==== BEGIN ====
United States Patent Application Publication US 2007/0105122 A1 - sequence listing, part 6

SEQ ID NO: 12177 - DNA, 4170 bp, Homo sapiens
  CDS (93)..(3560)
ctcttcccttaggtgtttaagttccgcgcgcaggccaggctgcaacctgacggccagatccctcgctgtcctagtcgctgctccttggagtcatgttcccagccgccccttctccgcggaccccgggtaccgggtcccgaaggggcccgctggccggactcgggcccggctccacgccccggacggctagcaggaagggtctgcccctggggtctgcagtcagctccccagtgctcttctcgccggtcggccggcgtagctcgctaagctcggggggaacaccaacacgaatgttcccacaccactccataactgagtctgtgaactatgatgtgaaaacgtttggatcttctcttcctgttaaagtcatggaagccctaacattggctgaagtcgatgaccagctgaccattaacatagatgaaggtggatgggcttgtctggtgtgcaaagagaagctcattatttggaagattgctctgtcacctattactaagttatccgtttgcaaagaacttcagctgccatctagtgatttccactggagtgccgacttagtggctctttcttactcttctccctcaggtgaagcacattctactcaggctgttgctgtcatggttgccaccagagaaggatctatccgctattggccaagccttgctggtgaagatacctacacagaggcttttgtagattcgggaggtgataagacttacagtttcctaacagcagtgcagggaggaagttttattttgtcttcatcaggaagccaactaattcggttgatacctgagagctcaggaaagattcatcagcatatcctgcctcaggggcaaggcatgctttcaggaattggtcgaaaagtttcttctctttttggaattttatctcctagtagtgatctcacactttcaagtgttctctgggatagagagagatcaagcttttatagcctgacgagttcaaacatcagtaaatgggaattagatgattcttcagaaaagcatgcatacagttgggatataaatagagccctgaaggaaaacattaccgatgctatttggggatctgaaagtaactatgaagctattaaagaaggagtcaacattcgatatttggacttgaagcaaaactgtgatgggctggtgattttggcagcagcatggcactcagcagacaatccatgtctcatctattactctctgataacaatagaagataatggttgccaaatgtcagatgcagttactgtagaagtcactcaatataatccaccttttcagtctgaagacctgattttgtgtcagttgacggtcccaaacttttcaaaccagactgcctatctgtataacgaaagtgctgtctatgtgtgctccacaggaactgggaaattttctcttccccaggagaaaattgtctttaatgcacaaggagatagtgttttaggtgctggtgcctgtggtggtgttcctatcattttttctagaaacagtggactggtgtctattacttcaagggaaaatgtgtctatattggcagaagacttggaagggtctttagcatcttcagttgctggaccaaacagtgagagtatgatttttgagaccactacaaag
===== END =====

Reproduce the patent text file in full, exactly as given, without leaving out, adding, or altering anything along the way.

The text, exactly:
United States Patent Application Publication US 2007/0105122 A1 - sequence listing, part 6

SEQ ID NO: 12177 - DNA, 4170 bp, Homo sapiens
  CDS (93)..(3560)
ctcttcccttaggtgtttaagttccgcgcgcaggccaggctgcaacctgacggccagatccctcgctgtcctagtcgctgctccttggagtcatgttcccagccgccccttctccgcggaccccgggtaccgggtcccgaaggggcccgctggccggactcgggcccggctccacgccccggacggctagcaggaagggtctgcccctggggtctgcagtcagctccccagtgctcttctcgccggtcggccggcgtagctcgctaagctcggggggaacaccaacacgaatgttcccacaccactccataactgagtctgtgaactatgatgtgaaaacgtttggatcttctcttcctgttaaagtcatggaagccctaacattggctgaagtcgatgaccagctgaccattaacatagatgaaggtggatgggcttgtctggtgtgcaaagagaagctcattatttggaagattgctctgtcacctattactaagttatccgtttgcaaagaacttcagctgccatctagtgatttccactggagtgccgacttagtggctctttcttactcttctccctcaggtgaagcacattctactcaggctgttgctgtcatggttgccaccagagaaggatctatccgctattggccaagccttgctggtgaagatacctacacagaggcttttgtagattcgggaggtgataagacttacagtttcctaacagcagtgcagggaggaagttttattttgtcttcatcaggaagccaactaattcggttgatacctgagagctcaggaaagattcatcagcatatcctgcctcaggggcaaggcatgctttcaggaattggtcgaaaagtttcttctctttttggaattttatctcctagtagtgatctcacactttcaagtgttctctgggatagagagagatcaagcttttatagcctgacgagttcaaacatcagtaaatgggaattagatgattcttcagaaaagcatgcatacagttgggatataaatagagccctgaaggaaaacattaccgatgctatttggggatctgaaagtaactatgaagctattaaagaaggagtcaacattcgatatttggacttgaagcaaaactgtgatgggctggtgattttggcagcagcatggcactcagcagacaatccatgtctcatctattactctctgataacaatagaagataatggttgccaaatgtcagatgcagttactgtagaagtcactcaatataatccaccttttcagtctgaagacctgattttgtgtcagttgacggtcccaaacttttcaaaccagactgcctatctgtataacgaaagtgctgtctatgtgtgctccacaggaactgggaaattttctcttccccaggagaaaattgtctttaatgcacaaggagatagtgttttaggtgctggtgcctgtggtggtgttcctatcattttttctagaaacagtggactggtgtctattacttcaagggaaaatgtgtctatattggcagaagacttggaagggtctttagcatcttcagttgctggaccaaacagtgagagtatgatttttgagaccactacaaag